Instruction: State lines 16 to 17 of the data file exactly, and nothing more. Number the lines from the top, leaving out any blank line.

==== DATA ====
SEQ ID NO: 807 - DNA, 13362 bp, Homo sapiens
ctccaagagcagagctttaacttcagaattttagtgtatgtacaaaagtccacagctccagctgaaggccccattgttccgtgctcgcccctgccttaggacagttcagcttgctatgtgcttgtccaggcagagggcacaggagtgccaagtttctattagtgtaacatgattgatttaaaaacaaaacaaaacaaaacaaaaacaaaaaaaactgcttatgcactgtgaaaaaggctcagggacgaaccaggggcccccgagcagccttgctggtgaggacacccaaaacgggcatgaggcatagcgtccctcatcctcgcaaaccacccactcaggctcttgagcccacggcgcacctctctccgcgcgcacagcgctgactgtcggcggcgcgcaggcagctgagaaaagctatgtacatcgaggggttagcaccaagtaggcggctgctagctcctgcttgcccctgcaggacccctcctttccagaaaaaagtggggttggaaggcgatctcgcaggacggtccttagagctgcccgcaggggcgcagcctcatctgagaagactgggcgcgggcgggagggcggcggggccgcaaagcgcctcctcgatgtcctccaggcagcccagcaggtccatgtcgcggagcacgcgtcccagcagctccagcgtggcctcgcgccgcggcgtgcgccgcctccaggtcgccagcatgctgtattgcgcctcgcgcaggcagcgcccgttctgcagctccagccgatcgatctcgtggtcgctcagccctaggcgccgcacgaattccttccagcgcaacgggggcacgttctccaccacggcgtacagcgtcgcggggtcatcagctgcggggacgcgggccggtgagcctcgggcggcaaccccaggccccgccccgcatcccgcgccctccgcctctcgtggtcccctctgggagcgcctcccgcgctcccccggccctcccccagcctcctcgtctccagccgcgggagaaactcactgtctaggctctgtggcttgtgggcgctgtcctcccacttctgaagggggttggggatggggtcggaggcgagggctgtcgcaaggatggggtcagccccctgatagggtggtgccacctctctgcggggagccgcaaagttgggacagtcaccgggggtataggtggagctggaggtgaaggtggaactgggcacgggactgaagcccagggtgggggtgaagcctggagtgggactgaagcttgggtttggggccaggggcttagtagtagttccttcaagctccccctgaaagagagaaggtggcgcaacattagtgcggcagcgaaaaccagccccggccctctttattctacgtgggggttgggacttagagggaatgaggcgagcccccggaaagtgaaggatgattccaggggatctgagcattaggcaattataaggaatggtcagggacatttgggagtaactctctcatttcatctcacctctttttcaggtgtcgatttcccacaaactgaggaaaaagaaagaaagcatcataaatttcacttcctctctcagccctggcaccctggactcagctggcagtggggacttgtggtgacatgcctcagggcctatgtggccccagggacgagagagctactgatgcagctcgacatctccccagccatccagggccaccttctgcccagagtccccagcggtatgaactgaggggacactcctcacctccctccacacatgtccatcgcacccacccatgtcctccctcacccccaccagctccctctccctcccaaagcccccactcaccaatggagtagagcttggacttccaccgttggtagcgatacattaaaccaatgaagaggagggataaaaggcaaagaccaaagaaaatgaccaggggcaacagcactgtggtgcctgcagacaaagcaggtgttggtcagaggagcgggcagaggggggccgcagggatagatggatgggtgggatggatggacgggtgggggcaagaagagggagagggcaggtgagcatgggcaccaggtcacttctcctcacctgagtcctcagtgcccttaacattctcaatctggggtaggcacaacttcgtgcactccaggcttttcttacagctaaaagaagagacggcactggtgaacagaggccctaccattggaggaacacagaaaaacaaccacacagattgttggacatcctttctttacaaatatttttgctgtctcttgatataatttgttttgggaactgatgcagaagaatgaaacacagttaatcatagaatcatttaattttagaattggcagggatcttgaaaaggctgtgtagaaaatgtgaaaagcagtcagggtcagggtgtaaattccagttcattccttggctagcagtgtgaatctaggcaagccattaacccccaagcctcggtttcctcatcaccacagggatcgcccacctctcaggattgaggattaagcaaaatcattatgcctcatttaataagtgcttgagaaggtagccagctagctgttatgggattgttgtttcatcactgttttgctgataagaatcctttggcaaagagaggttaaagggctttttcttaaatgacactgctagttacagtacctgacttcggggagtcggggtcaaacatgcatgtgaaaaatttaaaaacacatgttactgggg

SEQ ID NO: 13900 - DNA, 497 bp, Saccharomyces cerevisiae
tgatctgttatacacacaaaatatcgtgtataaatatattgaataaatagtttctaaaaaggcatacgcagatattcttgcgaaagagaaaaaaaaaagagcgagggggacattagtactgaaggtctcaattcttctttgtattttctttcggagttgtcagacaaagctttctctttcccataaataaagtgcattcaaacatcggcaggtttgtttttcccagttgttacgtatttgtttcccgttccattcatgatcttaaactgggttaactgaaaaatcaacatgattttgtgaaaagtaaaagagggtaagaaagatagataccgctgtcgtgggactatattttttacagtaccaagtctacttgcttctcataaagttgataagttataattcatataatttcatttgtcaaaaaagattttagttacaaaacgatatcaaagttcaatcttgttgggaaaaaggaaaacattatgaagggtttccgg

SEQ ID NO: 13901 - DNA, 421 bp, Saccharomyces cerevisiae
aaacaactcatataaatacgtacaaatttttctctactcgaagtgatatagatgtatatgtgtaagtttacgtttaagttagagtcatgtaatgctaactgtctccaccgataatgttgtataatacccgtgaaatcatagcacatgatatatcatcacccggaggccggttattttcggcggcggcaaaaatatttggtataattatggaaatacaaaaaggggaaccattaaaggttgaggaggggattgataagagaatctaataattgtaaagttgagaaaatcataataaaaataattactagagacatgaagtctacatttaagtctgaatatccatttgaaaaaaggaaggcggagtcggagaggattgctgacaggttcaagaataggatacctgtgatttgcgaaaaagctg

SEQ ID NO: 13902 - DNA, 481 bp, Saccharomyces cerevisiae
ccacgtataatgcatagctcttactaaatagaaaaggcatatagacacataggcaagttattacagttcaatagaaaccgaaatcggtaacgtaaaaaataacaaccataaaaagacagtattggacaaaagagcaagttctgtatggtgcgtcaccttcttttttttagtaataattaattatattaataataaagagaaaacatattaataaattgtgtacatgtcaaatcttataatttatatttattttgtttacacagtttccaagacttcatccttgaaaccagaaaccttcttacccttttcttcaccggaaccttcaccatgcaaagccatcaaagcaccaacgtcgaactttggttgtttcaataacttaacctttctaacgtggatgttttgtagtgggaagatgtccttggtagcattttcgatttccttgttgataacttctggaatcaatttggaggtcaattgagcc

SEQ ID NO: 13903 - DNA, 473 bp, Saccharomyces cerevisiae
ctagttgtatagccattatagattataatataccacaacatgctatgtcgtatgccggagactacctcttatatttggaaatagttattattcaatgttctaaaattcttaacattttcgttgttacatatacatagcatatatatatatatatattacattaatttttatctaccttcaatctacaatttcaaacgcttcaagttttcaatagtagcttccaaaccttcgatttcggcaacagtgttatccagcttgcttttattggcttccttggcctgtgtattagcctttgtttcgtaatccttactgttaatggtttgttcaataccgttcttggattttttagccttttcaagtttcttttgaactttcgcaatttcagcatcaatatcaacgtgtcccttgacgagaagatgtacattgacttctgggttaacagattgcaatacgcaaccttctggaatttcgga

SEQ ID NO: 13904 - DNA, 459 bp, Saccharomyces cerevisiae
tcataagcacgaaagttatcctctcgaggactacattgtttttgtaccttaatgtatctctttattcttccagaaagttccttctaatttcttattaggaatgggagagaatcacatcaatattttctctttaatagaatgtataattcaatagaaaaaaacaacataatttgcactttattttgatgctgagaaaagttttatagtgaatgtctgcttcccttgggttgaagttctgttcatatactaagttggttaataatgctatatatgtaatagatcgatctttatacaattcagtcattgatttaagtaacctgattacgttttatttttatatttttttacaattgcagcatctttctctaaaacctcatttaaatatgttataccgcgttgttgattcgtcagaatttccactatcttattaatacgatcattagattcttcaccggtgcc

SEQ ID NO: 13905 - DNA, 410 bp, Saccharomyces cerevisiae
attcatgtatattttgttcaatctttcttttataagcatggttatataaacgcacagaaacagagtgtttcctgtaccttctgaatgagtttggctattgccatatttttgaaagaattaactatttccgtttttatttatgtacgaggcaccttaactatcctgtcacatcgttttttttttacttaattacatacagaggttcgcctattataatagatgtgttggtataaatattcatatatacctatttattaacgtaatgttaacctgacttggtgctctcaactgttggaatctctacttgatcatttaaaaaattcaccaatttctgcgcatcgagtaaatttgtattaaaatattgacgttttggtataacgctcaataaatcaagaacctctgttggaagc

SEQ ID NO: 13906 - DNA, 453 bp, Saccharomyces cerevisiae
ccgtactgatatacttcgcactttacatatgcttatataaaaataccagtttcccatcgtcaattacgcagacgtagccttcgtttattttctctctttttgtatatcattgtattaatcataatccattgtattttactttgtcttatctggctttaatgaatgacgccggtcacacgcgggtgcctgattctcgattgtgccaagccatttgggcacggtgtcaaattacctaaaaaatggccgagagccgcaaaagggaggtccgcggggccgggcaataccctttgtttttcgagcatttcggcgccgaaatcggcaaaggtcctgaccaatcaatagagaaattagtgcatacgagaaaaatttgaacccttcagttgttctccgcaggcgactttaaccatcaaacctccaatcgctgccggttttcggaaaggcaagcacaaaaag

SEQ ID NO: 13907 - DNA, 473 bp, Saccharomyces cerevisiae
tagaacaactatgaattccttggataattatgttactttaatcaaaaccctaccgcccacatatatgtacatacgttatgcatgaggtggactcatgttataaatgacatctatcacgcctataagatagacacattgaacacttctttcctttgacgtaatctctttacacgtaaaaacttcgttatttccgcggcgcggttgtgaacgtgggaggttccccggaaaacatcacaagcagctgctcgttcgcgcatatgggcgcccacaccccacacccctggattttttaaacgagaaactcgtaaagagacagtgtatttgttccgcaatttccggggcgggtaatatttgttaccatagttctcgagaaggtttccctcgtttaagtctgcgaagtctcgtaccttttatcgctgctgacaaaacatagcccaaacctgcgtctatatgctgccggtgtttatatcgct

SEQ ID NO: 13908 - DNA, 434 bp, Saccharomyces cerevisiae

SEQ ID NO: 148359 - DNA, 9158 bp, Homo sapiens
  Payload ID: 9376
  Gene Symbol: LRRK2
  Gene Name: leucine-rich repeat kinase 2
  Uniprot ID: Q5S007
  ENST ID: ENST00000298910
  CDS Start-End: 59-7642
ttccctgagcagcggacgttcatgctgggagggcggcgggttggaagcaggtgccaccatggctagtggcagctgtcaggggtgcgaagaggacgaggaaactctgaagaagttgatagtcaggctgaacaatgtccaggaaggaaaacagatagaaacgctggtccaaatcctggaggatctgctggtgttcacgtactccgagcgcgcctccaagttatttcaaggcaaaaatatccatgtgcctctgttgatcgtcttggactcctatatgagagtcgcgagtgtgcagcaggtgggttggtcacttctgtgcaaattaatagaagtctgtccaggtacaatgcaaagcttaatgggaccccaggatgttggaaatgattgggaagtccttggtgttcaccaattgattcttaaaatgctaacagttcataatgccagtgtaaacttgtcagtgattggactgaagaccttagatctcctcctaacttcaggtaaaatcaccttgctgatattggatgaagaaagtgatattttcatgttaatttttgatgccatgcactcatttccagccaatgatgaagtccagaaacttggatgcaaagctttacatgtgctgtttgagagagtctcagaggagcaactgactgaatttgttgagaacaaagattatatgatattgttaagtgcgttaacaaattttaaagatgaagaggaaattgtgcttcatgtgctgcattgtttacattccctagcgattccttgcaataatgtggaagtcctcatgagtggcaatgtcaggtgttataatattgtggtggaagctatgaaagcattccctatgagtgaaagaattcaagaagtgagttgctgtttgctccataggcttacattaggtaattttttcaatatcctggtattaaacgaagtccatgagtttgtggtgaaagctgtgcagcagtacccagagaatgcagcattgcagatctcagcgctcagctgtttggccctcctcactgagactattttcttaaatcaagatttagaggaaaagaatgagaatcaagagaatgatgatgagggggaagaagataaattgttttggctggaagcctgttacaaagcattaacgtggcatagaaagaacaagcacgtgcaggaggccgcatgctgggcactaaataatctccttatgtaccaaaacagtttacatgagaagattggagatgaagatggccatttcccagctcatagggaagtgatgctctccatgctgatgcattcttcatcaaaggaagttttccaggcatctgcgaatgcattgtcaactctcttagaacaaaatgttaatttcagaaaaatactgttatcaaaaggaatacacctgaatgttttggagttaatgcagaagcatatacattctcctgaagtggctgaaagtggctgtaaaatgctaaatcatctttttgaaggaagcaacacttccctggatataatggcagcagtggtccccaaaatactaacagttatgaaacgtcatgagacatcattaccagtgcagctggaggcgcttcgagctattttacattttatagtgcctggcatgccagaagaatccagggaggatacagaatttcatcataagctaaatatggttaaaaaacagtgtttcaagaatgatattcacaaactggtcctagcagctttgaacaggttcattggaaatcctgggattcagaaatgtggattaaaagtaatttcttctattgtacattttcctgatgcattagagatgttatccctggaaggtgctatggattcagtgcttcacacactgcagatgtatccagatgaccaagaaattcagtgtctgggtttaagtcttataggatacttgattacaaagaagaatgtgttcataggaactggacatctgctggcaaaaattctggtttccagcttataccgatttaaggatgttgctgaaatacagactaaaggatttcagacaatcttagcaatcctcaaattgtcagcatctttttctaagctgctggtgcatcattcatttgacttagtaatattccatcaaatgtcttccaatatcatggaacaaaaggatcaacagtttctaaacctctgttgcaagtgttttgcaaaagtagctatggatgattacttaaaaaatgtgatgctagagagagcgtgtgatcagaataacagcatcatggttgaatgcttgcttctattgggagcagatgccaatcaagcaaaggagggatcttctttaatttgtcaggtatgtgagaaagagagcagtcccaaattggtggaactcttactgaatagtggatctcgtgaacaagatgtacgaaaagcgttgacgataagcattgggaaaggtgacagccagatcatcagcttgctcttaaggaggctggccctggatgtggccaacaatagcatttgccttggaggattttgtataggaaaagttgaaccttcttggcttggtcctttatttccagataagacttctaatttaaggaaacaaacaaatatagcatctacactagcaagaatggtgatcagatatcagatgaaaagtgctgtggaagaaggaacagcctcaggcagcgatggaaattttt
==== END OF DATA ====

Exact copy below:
ccgtactgatatacttcgcactttacatatgcttatataaaaataccagtttcccatcgtcaattacgcagacgtagccttcgtttattttctctctttttgtatatcattgtattaatcataatccattgtattttactttgtcttatctggctttaatgaatgacgccggtcacacgcgggtgcctgattctcgattgtgccaagccatttgggcacggtgtcaaattacctaaaaaatggccgagagccgcaaaagggaggtccgcggggccgggcaataccctttgtttttcgagcatttcggcgccgaaatcggcaaaggtcctgaccaatcaatagagaaattagtgcatacgagaaaaatttgaacccttcagttgttctccgcaggcgactttaaccatcaaacctccaatcgctgccggttttcggaaaggcaagcacaaaaag

SEQ ID NO: 13907 - DNA, 473 bp, Saccharomyces cerevisiae